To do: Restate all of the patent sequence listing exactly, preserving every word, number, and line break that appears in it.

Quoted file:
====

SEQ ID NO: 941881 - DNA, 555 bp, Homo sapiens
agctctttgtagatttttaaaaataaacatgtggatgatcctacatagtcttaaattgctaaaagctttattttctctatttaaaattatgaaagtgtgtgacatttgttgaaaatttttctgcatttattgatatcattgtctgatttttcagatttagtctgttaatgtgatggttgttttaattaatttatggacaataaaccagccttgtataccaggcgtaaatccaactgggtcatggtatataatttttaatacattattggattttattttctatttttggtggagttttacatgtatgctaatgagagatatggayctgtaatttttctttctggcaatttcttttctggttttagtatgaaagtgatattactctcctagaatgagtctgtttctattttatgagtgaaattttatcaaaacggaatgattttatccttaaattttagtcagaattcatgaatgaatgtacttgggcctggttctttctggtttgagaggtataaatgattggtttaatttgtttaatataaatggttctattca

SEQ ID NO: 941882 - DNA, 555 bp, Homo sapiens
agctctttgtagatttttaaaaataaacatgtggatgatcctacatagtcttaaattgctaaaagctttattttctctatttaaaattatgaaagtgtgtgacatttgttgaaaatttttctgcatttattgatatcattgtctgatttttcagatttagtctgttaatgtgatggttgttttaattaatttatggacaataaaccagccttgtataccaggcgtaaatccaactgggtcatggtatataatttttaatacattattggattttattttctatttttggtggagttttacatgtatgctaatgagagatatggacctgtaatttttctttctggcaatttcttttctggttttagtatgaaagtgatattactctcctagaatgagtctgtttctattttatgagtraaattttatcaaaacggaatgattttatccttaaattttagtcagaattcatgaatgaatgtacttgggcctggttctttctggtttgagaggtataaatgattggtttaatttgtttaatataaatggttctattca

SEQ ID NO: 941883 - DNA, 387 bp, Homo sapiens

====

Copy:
SEQ ID NO: 941881 - DNA, 555 bp, Homo sapiens
agctctttgtagatttttaaaaataaacatgtggatgatcctacatagtcttaaattgctaaaagctttattttctctatttaaaattatgaaagtgtgtgacatttgttgaaaatttttctgcatttattgatatcattgtctgatttttcagatttagtctgttaatgtgatggttgttttaattaatttatggacaataaaccagccttgtataccaggcgtaaatccaactgggtcatggtatataatttttaatacattattggattttattttctatttttggtggagttttacatgtatgctaatgagagatatggayctgtaatttttctttctggcaatttcttttctggttttagtatgaaagtgatattactctcctagaatgagtctgtttctattttatgagtgaaattttatcaaaacggaatgattttatccttaaattttagtcagaattcatgaatgaatgtacttgggcctggttctttctggtttgagaggtataaatgattggtttaatttgtttaatataaatggttctattca

SEQ ID NO: 941882 - DNA, 555 bp, Homo sapiens
agctctttgtagatttttaaaaataaacatgtggatgatcctacatagtcttaaattgctaaaagctttattttctctatttaaaattatgaaagtgtgtgacatttgttgaaaatttttctgcatttattgatatcattgtctgatttttcagatttagtctgttaatgtgatggttgttttaattaatttatggacaataaaccagccttgtataccaggcgtaaatccaactgggtcatggtatataatttttaatacattattggattttattttctatttttggtggagttttacatgtatgctaatgagagatatggacctgtaatttttctttctggcaatttcttttctggttttagtatgaaagtgatattactctcctagaatgagtctgtttctattttatgagtraaattttatcaaaacggaatgattttatccttaaattttagtcagaattcatgaatgaatgtacttgggcctggttctttctggtttgagaggtataaatgattggtttaatttgtttaatataaatggttctattca

SEQ ID NO: 941883 - DNA, 387 bp, Homo sapiens